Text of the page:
Faustus of The Tragical History of Doctor Faustus. Bosola, during this period, is described as a 'devil incarnate'. Being a former galley slave, he feels he has little choice but to do the dirty work of others. This is a story that does not end very well. He was a catalyst in the beginning forbthe development of revenge tragedy and the downfall for the Duchess. The innocent and proud Duchess reveals her inner secret to Bosola.
The events that occur in the first scene are undoubtedly crucial, but it is the characters' vastly varied reactions to them that are vitally important. In most cases leaders were men as the ancient world was a male dominant society but every now and then due to the circumstances forced upon them some women would rise to be leaders. The initial presentation of Bosola in the first scene of the play certainly does agree with this description of the malcontent. He is constantly locked into a cycle of serving the powerful and corrupt but with knowledge of why he is told to conduct his services and what consequences these base activities have. Ferdinand stabs Bosola to death and hence the three characters dies at the end of the play.
. We can consider him a typical renaissance figure. Although this would suggest he is a convincing …show more content… One of the interesting aspects of the play is that it goes beyond the boundaries of its set time, giving its characters a past as well as a present. He enjoyed seeing the anger and frustration of Ferdinand and the Cardinal to learn of their adulterous sister more than the role of the murderer. It is only at the end that he allows his true nature to overpower his nurture. One actress in particular, playing the Duchess of Malfi is Ms.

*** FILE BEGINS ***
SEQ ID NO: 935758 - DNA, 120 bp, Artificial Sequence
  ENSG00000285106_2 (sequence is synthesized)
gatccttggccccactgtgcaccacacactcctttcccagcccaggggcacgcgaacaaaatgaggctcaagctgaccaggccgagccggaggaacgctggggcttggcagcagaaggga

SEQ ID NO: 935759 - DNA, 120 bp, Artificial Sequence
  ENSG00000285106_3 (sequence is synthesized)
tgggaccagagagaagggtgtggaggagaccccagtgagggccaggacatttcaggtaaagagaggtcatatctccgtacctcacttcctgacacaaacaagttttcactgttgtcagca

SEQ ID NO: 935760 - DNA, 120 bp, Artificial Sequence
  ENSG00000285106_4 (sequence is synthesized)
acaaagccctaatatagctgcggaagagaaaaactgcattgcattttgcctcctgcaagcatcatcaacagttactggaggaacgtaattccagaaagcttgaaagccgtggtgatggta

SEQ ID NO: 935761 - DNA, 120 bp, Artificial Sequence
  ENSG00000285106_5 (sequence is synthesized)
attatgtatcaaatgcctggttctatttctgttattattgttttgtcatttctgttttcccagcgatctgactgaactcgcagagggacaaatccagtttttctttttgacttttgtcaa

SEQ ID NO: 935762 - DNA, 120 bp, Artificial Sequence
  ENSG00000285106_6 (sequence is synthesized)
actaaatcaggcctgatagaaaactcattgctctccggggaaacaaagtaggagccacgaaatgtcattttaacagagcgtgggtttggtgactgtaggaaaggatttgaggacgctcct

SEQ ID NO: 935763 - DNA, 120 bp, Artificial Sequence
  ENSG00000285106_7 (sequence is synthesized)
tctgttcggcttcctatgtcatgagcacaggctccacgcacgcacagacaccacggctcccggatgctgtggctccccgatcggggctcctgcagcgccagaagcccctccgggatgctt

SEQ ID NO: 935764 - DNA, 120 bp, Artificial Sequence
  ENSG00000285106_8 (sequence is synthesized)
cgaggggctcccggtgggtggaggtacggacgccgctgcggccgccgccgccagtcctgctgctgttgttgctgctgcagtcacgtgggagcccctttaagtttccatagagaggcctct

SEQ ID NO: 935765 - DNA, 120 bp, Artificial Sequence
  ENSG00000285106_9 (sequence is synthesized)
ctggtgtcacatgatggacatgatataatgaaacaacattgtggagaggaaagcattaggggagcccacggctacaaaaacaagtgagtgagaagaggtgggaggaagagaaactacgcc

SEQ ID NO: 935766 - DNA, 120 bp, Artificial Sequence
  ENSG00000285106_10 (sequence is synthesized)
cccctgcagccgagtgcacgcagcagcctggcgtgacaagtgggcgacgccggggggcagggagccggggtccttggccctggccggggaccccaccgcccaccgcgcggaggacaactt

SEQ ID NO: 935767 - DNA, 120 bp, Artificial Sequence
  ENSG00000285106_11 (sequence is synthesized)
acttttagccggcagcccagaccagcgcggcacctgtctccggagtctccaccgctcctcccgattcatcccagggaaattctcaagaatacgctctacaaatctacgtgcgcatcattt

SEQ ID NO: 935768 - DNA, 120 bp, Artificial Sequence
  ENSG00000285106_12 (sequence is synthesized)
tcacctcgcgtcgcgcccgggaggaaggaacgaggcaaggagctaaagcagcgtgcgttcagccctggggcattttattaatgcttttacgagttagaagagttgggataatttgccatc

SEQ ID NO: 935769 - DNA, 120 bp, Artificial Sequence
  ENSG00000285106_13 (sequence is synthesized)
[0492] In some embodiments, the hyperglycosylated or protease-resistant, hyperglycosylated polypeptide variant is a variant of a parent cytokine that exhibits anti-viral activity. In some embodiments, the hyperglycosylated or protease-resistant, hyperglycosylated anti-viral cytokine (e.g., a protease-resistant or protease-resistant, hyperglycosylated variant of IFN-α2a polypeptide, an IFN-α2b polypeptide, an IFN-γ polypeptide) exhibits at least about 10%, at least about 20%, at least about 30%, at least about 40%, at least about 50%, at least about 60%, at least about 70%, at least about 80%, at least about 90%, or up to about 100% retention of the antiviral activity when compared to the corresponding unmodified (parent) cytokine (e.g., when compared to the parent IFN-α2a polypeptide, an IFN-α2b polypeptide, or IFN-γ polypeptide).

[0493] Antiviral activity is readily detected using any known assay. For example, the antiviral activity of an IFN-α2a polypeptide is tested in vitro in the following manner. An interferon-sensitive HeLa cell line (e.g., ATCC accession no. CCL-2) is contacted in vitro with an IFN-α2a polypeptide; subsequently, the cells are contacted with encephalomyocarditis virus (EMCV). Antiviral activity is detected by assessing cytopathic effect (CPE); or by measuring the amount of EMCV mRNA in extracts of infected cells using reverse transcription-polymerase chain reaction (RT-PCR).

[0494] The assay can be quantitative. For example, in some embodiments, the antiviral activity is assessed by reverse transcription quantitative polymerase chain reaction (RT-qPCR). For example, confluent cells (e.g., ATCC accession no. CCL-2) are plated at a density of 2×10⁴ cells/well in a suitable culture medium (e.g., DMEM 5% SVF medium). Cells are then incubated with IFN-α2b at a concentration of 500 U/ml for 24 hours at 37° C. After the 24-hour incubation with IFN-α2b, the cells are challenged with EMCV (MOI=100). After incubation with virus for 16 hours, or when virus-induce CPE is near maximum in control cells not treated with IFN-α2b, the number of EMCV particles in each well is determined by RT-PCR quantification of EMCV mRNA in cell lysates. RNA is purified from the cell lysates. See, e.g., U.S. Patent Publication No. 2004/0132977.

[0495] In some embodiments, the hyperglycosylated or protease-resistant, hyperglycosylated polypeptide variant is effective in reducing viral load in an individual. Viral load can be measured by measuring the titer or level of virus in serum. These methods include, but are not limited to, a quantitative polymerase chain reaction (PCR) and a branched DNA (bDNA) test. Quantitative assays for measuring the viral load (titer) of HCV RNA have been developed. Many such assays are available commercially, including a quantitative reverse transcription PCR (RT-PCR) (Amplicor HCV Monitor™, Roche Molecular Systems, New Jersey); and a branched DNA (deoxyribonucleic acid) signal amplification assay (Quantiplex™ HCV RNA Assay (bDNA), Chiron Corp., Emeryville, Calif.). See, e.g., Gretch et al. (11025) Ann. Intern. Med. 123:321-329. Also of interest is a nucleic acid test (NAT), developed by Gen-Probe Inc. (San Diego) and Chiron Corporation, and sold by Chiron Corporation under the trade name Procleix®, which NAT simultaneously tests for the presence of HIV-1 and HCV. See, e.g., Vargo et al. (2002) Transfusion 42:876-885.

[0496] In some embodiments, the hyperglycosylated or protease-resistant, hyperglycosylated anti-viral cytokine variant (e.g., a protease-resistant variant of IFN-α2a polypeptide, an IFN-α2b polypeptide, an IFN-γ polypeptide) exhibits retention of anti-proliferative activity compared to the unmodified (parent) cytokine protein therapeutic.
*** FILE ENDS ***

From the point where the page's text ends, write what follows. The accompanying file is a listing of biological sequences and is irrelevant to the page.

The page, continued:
An Analysis of Bosola in 'the Duchess of Malfi' Essay
His change in opinion t. He also seems to possess some attributes of the stereotypical Machiavellian character, the satirist, and the blunt soldier. The initial presentation of Bosola in the first scene of the play certainly does agree with this description of the malcontent. Claudio quickly calls for his loving and pious sister Isabella to come and vouch for him. Though he sided with the bad actions of the antagonist namely Cardinal and Ferdinand yet his compassion towards another human being is instituted in the play. The malcontent is a certain character type that emerges in Jacobean revenge tragedy.
Examine the character of Bosola in Webster's The Duchess of Malfi
The color scarlet dye she uses in her dress was extremely rare to find in Medieval times, therefore expensive. Both authors also had different writing styles. As Bosola puts it: For the good deed you have done me, I must do All the ill man can invent! He sees the kind works of her "white hand. Bosola can be described as a convincing character as unlike some of the characters in the play, his opinions and principles change throughout, therefore constantly altering the audience's feelings about him. By the end of the play it could be argued that we now sympathise with Bosola, due to him sacrificing himself in order to get justice for the Duchess. However, the one character that does not go through any changes to their personality is Malvolio.
The Puzzle of Bosola: A Reading of The Duchess of Malfi: [Essay Example], 929 words GradesFixer
Here she makes a joke about Benedick? In common with villains fond of direct audience address, such as Iago, Bosola seems to owe much to the medieval - Vice. Antonio and Delio conclude that Bosola's melancholic nature shall change him into a cynic. Delio suggests he is too studious, "a fantastical scholar". These are centred around his job and his employer, Lady Olivia. Instructor: Reed Hepler Reed Hepler received an M. These characteristics do confirm his role as malcontent.
Daneil de Bosola Character Analysis in The Duchess of Malfi
The malcontent is a certain character type that emerges in Jacobean revenge tragedy. He is a villain and a detective character used by Ferdinand to spy on his daughter the Duchess regarding her remarriage to Antonio. Such a mistake as I have often seen In a play. He believed that Othello must have use some magic to make his daughter fall in love with him; as there is social class difference at that time and it is unimaginable that a white woman will love a black men. In this I mean that she really took us to a important part of her mind and writing.